PACS are electronic medical image management systems. They consist of image display systems, archiving systems, networks, and interfaces, presenting one unified system to the user. They have been in development since 1982 and have predominantly been used in radiology, transforming manual film operations to a filmless environment. Radiology PACS has evolved from an emerging technology to a mature, billion dollar North American market.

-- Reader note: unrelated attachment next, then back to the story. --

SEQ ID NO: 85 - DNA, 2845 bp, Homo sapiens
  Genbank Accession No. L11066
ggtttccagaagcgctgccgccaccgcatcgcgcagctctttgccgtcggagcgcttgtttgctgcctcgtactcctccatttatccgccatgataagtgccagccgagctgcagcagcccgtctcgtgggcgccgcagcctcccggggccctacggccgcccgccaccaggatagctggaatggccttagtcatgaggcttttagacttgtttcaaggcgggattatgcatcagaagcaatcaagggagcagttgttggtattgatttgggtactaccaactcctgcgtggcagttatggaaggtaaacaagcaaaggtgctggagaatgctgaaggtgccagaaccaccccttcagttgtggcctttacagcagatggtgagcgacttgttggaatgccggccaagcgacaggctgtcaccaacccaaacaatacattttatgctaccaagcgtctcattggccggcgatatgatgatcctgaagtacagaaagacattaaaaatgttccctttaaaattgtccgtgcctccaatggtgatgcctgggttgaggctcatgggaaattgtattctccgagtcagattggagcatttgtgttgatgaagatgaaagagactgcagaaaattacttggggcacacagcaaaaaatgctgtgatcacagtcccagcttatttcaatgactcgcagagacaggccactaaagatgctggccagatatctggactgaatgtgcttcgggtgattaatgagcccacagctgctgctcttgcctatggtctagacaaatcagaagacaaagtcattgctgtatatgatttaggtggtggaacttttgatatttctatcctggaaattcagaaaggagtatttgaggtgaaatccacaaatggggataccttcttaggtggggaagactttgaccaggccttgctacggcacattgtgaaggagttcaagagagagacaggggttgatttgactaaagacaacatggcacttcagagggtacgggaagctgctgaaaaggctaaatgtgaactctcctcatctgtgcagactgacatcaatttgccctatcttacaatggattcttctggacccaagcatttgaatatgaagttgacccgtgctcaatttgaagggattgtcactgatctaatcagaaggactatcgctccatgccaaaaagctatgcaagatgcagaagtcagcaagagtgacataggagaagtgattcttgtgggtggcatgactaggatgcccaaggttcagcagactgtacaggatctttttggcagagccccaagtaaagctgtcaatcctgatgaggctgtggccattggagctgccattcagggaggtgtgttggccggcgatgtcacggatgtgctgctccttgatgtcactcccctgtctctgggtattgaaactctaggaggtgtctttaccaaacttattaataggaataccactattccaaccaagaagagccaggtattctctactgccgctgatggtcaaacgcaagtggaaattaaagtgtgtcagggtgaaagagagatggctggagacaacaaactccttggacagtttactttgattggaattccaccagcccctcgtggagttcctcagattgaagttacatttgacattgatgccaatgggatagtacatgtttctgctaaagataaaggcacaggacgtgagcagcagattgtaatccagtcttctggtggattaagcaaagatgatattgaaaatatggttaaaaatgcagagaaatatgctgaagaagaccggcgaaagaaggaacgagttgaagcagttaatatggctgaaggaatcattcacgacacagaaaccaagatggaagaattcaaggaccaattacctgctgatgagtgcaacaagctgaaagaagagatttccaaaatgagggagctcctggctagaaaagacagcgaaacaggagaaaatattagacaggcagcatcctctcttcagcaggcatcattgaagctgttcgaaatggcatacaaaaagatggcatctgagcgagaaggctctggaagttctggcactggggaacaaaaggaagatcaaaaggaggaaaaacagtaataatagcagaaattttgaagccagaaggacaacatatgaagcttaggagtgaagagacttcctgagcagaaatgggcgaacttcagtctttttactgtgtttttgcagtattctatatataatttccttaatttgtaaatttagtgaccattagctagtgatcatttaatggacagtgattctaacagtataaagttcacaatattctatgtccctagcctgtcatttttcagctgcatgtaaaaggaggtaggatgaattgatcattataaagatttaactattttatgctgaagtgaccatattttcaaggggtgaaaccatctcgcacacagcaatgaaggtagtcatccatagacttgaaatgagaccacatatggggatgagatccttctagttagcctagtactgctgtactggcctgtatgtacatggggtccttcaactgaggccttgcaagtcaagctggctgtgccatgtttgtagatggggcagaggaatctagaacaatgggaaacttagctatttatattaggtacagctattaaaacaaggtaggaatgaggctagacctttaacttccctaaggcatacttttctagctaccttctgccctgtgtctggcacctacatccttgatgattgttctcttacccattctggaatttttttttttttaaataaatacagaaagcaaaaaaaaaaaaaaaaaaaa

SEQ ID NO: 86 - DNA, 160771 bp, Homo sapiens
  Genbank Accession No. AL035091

PACS are electronic medical image management systems. They consist of image display systems, archiving systems, networks, and interfaces, presenting one unified system to the user. They have been in development since 1982 and have predominantly been used in radiology, transforming manual film operations to a filmless environment. Radiology PACS has evolved from an emerging technology to a mature, billion dollar North American market.Key to the 15% to 18% annual market growth of radiology PACS has been the DICOM (Digital Imaging and Communications in Medicine) standard. This standard has enabled the digital management of images generated from a wide range of radiology imaging modalities and manufacturers. With the success and acceptance of the DICOM standard in radiology, other healthcare specialties have adopted the standard and can now move into a shared electronic world.Cardiology imaging vendors have adopted the DICOM standard to develop commercial PACS specifically designed for cardiology. Since cardiology studies are dynamic (in motion), huge numbers of images and a vast amount of data are generated per study (a single study can range from 200 MB to 1 GB). Also, the number of cardiology studies performed is increasing by 20% per year. With these large data sets, cardiology can expect to benefit substantially from the electronic management of images. Cardiologists have been looking for solutions to manage large data sets and increases in workload. The move to cardiology PACS is also driven by the need to reduce costs, improve access to images, and improve service to patients and referring physicians.Though cardiology imaging differs from radiology imaging, the support requirements for a cardiology electronic imaging service overlap significantly with those for radiology. Both require core technologies such as networks, archives, storage media, workstations, modality interfaces, HIS interfaces, database management software, Web technology, and the DICOM standard. The key differences between a radiology and a cardiology PACS are workflow, cine acquisition and display software (dynamic display), and the use of tracings in cardiology. Today there are many commercial cardiology PACS offerings, and departments are purchasing systems at an increasing rate. The cardiology PACS market was a $160 million market in 2004, and it is expected to grow to $430 million by 2009. Commercial radiology PACS development and the shift to digital cardiac imaging modalities have contributed to this market growth and the acceptance of managing images electronically. Many cardiology PACS are using the same network and archive as the radiology PACS. This combined infrastructure eliminates the need to support two separate archives and shares the cost between departments. A centralized archive for all DICOM images is simpler to manage and provides economies of scale for the IT department.This setup has enabled physicians to electronically view both radiology and cardiology studies from the same patient from any access device located anywhere. The results are faster patient management decisions by the physicians and the ability to view nuclear medicine and echo studies as well.As the lines between radiology and cardiology imaging blur with angiography, interventional radiology, and echocardiography, PACS will complicate these issues even further. Real-time access to medical images is moving diagnostic services toward a commodity market where study interpretation can be conducted from any location. This phenomenon may intensify turf battles for professional fees.Cardiology has been operating in a pseudo-PACS environment for many years. With digital angiography and digital echo cardiology equipment, studies are viewed on workstations or technologist consoles and then transferred to a CD or MOD for storage. This has proven to be an effective method of working in a digital environment. In a full PACS environment, however, studies would be saved to an electronic archive where they can be accessed from any location with the proper device and security clearance. The archive could be a shared DICOM archive holding radiology and cardiology studies and tracings. The radiology and cardiology PACS could share a backup archive for disaster recovery or continuation of business capabilities.When planning for a cardiology PACS implementation, it is wise to follow the procedures established for radiology PACS during the various steps: vendor selection, workflow redesign, cost justification, negotiations and contracting, site planning, installation, training, and acceptance testing.The diagram shows a cardiology and radiology PACS with a shared infrastructure. Other than the graphic user interface (GUI) and diagnostic tools, the design, topology, and technology deployed are the same with similar functional requirements.Mr. Reed is president of Integration Resources in Lebanon, NJ. He can be reached at 908-236-9360 or firstname.lastname@example.org.